‘Someone else’s diet’ meaning a defined plan, typically excluding some foods, even entire food groups, such as all grains, or all ‘carbs’. By definition, they switch from eating mindlessly to eating with deliberate planning and structure.
Speaking of ‘carbs’ or carbohydrate foods — maybe you’re thinking of going on a ‘Low Carb’ diet. You hear, ‘eliminate all carbs including white flour and processed foods.’ Yeah! That’s a good plan.
Maybe you’ll go ‘Low Fat’ and ditch the French fries and fried chicken, and fried potato chips. You’ll stop adding butter and cream cheese to your bread and bagels. Yeah! That’s a good plan too.
Maybe you’ll go ‘Paleo’ and eat only fresh foods, lean meats, fruits, and vegetables. No grains! No beans. No booze! Yeah! That’s a good plan too!
Hmm. Isn’t that funny! Research continually shows that no matter what ‘diet’ an overweight person chooses, they’re usually ditching processed, high-sugar foods, and hopefully adding activity.
So, you’re ‘going on a diet’! You’re losing! And then you see that ‘magic number’ on the scale. That’s the number you’ve been dieting for. Whoo-hoo!
Now what? What happens if you return to your typical eating behaviors? Now that you’re out of ‘diet purgatory’ do you return to the burgers and fries, the ‘grits ‘n gravy? The ice cream and cake? The second or third beer or margarita?
Well, it’s true – 90 percent of people who ‘go on’ diets and lose weight regain the weight, and sometimes more. And you might say that since most people regain weight after ‘going on a diet’ that diets don’t work. But that isn’t true. It’s your diet that isn’t working.
Your weight is just a number on the scale, and while it can be a way to measure weight loss, it doesn’t necessarily measure fat loss. Weight doesn’t always indicate how healthy you are — you can be thin, and quite unhealthy.
Your other numbers are far more important than your weight. How’s your blood pressure and blood glucose? If you’re overweight and hypertensive or pre-diabetic, losing some weight has been shown to improve these numbers.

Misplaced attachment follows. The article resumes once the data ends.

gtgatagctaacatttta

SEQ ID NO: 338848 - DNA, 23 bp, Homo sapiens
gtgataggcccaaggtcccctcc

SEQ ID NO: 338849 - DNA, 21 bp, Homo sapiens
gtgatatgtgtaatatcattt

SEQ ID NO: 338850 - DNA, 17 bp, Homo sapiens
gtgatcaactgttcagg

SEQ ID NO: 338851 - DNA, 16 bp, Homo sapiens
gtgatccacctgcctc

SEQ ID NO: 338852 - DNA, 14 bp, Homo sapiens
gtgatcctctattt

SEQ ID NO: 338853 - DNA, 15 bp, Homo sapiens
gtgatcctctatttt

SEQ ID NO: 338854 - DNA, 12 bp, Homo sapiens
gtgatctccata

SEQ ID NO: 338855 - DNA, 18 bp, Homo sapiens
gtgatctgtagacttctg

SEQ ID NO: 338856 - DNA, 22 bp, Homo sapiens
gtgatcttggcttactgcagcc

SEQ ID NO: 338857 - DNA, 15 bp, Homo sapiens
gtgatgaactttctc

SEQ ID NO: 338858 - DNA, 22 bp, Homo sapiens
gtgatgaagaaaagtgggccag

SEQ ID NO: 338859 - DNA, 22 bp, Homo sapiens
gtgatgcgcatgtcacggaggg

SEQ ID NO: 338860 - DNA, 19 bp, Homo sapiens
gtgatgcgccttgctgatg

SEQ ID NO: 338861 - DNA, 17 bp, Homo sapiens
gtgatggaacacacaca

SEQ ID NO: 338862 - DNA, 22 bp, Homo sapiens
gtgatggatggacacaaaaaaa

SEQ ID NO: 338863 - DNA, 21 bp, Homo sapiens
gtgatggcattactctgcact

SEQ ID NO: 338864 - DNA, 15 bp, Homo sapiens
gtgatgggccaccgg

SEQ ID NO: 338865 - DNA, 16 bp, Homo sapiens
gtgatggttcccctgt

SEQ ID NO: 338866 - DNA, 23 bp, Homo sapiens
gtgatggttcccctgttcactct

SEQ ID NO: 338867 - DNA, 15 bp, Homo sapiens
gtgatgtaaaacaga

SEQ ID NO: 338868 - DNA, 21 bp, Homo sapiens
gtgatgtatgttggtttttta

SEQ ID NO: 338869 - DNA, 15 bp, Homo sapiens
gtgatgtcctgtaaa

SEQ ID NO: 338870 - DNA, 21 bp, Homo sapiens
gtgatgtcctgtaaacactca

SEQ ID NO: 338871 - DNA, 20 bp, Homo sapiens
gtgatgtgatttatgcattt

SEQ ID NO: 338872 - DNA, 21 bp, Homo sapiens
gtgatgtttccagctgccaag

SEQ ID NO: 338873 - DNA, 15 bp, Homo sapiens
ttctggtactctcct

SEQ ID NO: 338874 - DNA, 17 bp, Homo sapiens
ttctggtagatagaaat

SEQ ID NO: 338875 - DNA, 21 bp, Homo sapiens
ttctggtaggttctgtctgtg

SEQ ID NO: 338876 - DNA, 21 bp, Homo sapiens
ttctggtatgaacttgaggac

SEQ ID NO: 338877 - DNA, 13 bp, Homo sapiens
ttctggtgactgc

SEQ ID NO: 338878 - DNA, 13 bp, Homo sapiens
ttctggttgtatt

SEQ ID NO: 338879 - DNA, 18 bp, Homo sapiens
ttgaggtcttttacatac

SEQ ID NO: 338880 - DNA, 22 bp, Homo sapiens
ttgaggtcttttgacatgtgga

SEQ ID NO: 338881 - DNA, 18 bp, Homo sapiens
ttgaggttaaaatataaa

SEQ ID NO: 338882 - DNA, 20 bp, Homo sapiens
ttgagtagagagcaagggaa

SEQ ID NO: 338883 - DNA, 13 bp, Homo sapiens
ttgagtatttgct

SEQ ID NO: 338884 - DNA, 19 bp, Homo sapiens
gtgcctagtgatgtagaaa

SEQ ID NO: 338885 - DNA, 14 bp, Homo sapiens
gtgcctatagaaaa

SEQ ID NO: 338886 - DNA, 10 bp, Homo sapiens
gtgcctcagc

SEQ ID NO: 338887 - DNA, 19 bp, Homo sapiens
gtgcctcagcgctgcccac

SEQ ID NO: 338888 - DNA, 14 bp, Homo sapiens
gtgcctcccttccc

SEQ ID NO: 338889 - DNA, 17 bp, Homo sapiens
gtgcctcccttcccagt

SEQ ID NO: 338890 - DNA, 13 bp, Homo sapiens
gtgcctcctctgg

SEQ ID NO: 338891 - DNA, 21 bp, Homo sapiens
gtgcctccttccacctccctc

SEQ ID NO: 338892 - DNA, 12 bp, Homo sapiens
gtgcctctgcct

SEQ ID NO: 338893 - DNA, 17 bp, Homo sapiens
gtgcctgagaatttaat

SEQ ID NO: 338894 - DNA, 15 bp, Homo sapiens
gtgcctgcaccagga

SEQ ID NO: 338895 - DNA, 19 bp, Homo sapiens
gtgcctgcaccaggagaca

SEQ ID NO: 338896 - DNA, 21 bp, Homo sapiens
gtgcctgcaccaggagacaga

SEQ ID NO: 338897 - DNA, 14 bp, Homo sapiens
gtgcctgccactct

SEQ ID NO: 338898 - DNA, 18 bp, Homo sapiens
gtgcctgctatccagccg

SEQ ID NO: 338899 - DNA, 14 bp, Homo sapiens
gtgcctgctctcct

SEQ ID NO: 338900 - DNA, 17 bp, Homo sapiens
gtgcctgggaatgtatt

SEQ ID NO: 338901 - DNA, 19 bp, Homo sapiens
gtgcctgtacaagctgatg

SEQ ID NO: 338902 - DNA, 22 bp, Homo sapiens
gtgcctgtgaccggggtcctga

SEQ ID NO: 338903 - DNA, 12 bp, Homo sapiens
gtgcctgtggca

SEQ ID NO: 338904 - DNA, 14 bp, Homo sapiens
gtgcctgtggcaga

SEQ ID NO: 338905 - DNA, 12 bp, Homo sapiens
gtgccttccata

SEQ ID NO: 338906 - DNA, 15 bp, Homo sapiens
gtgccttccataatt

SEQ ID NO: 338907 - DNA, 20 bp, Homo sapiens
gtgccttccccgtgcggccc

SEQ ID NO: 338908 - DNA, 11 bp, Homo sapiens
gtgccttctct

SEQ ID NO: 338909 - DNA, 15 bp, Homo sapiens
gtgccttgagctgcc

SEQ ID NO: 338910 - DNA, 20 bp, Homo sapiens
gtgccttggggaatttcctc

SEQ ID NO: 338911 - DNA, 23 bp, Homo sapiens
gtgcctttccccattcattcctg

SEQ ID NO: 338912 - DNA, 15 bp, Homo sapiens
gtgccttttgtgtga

These other numbers count just as much as your weight!
How many hours of sleep do you get?
How much time do you spend in getting regular activity daily?
Are you doing any resistance training? How many repetitions?
On a scale of 1-10, what’s your stress level?
All these numbers are important to your health.
No doubt if you’re a person struggling with your weight, changing your diet (what you typically eat and drink) is definitely important, so make your diet one that you can live with forever, that sustains your energy, doesn’t break your budget, and tastes good. The key to good health is to fuel your fitness with high-quality food, as you tweak your diet to eliminate as many processed foods as possible. Be a winner by making your diet a healthy one.
So, no more ‘dieting’ — instead, concentrate on living… healthfully. By eating good food, which, here in Cuenca, is plentiful and inexpensive!
For more suggestions on staying healthy while losing weight, read my column here.
CuencaHighLife.com. New Years Diet? What happens on January 22?
Journal of General Internal Medicine. Unique perspectives on the Obesogenic Environment.
The New York Times: The Science of Fat. After ‘The Biggest Loser,’ Their Bodies Fought to Regain Weight.
Obesity. Persistent metabolic adaptation 6 years after ‘The Biggest Loser’ competition.
People.com. The Biggest Loser will return to TV in 2020 on USA Network.
Psychology Today. Is permanent weight loss a myth?
The New York Times. The Key to Weight Loss Is Diet Quality, Not Quantity, a New Study Finds
Susan Burke March, a Cuenca expat, is a Registered Dietitian Nutritionist and a Certified Diabetes Educator who specializes in smart solutions for weight loss and diabetes-related weight management. Do you have a food, nutrition or health question? Write to her – SusanTheDietitian@gmail.com